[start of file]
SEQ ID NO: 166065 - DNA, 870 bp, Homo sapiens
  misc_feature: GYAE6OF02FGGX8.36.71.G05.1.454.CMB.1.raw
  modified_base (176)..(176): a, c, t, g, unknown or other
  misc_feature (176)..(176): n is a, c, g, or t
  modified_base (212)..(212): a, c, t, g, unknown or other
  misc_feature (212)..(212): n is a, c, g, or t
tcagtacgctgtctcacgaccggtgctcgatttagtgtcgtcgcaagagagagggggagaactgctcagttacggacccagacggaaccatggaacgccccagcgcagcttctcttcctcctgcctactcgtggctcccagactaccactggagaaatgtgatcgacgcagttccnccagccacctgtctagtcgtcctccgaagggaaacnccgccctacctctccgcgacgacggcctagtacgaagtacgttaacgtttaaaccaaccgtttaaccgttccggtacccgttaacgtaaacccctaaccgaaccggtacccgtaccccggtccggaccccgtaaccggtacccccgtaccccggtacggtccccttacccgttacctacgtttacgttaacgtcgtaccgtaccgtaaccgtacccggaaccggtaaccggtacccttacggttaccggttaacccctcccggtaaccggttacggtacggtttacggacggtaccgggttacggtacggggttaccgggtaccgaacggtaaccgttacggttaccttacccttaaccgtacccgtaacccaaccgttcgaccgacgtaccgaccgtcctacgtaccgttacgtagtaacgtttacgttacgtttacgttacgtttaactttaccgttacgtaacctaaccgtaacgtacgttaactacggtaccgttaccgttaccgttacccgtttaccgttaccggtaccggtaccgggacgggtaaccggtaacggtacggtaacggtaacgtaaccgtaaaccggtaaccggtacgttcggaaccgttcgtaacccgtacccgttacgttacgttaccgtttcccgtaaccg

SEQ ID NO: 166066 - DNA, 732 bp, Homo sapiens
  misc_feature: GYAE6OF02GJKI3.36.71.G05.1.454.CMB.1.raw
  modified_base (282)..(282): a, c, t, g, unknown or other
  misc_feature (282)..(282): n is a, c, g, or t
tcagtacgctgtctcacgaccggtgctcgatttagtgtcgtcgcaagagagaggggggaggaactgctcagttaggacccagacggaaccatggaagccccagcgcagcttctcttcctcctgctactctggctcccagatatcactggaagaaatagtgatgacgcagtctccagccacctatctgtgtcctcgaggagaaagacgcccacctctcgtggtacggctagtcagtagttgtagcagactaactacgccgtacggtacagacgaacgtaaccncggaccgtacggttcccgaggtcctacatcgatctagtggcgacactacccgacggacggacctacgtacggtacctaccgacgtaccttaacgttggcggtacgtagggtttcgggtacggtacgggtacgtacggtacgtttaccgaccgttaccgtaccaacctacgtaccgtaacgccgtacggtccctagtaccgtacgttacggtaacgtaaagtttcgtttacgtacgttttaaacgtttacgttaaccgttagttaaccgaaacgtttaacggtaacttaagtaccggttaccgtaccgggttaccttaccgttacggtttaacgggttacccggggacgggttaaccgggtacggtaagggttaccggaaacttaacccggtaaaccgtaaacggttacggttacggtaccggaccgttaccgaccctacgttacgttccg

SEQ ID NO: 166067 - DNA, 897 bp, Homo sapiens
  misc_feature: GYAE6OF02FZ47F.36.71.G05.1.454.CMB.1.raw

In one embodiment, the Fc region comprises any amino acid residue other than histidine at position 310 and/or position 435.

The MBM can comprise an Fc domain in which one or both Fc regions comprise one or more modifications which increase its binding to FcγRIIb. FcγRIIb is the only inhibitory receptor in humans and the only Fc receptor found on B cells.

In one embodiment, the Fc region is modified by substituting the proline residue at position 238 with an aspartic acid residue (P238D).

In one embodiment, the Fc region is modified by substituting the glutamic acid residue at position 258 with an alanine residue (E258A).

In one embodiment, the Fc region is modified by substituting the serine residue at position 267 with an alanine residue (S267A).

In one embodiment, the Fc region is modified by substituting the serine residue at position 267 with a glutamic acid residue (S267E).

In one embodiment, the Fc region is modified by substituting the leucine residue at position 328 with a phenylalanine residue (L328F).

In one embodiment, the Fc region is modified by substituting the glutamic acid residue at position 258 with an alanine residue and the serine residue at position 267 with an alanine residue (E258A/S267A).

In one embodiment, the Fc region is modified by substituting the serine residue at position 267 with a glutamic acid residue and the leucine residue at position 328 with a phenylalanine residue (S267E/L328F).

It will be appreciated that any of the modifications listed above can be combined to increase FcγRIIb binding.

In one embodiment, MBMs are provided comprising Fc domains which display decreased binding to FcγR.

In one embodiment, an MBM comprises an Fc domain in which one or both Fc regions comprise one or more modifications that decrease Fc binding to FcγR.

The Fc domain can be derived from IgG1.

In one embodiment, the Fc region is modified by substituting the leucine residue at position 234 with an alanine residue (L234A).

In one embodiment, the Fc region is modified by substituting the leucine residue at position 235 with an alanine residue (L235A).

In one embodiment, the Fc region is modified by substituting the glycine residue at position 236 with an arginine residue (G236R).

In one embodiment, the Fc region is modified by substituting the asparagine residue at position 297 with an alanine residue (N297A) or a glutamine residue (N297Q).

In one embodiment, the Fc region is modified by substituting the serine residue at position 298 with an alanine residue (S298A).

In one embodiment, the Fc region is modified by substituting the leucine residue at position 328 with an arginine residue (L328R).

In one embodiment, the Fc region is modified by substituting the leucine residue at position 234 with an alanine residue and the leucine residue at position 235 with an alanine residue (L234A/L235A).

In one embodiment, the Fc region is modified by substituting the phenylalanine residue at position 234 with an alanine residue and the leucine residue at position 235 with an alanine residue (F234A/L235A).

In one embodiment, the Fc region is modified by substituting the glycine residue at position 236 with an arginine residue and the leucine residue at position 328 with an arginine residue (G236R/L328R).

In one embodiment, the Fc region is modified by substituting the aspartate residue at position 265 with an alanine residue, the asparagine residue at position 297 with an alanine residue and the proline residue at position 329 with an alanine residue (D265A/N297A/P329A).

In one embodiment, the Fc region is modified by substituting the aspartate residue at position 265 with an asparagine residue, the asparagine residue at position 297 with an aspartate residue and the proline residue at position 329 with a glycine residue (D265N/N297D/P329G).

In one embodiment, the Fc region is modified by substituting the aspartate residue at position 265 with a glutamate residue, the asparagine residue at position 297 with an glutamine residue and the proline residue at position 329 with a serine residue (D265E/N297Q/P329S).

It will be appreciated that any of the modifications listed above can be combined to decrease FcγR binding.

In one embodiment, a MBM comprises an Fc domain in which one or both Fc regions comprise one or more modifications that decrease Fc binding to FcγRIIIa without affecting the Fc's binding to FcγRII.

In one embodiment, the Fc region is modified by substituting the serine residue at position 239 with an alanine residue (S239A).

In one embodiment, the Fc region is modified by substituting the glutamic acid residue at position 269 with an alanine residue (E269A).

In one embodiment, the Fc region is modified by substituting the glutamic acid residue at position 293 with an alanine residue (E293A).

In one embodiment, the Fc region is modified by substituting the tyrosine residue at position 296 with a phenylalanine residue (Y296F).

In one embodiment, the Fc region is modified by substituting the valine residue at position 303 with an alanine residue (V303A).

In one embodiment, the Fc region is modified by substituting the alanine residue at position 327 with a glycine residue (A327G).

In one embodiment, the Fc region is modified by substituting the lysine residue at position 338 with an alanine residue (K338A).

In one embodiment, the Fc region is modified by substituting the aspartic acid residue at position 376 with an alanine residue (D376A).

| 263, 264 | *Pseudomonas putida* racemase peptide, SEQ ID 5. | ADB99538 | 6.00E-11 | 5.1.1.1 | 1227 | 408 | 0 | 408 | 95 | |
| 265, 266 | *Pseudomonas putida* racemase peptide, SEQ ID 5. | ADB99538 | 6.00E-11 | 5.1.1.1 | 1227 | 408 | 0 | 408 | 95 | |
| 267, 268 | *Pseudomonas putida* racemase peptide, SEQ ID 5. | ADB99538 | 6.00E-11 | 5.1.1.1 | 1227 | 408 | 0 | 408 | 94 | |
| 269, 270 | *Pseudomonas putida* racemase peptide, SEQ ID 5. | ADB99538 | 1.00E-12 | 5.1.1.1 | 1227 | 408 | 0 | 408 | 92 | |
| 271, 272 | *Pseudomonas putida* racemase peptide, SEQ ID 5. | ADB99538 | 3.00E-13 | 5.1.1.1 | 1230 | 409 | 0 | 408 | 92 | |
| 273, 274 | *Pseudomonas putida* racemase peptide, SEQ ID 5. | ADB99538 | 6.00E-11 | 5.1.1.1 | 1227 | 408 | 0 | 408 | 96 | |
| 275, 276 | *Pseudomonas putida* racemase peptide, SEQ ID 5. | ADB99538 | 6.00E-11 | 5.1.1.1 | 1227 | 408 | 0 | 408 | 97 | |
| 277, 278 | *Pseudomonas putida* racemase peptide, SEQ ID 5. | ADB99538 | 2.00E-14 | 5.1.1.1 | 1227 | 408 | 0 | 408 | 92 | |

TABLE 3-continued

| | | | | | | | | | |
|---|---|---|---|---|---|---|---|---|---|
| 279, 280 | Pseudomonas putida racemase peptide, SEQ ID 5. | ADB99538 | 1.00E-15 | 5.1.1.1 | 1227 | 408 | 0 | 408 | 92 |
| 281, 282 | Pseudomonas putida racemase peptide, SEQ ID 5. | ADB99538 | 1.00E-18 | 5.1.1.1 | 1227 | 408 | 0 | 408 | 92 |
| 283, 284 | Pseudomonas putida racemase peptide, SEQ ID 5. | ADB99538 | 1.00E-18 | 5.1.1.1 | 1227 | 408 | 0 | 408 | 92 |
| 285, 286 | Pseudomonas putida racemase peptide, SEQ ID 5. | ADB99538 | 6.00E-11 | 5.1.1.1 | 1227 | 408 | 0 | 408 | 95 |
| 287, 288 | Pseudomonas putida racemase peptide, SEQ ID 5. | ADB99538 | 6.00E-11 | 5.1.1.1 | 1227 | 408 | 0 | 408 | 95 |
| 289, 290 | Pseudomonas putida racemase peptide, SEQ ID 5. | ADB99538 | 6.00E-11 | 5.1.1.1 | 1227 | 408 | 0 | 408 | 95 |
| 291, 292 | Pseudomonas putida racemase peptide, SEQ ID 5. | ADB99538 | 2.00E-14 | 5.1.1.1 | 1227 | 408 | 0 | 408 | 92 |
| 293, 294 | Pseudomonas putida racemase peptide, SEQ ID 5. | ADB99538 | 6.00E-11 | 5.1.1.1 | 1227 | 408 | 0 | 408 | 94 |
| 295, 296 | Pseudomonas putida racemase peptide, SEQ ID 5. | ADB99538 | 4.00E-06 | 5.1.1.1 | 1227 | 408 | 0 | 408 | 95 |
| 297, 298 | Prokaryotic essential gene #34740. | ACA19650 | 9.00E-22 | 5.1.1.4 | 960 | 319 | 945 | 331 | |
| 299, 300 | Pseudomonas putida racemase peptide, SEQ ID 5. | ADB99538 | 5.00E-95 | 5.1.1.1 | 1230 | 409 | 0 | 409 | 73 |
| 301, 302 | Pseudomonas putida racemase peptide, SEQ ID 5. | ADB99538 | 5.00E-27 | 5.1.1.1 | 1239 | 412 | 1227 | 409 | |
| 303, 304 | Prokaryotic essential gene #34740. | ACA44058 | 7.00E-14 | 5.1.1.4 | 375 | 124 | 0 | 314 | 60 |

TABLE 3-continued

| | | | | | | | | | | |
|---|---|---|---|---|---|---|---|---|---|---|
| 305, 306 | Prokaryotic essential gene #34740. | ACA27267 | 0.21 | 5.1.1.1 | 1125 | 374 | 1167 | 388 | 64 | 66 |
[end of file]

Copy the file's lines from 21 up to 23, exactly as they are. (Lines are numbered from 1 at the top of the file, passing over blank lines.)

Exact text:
In one embodiment, the Fc region is modified by substituting the leucine residue at position 328 with a phenylalanine residue (L328F).

In one embodiment, the Fc region is modified by substituting the glutamic acid residue at position 258 with an alanine residue and the serine residue at position 267 with an alanine residue (E258A/S267A).

In one embodiment, the Fc region is modified by substituting the serine residue at position 267 with a glutamic acid residue and the leucine residue at position 328 with a phenylalanine residue (S267E/L328F).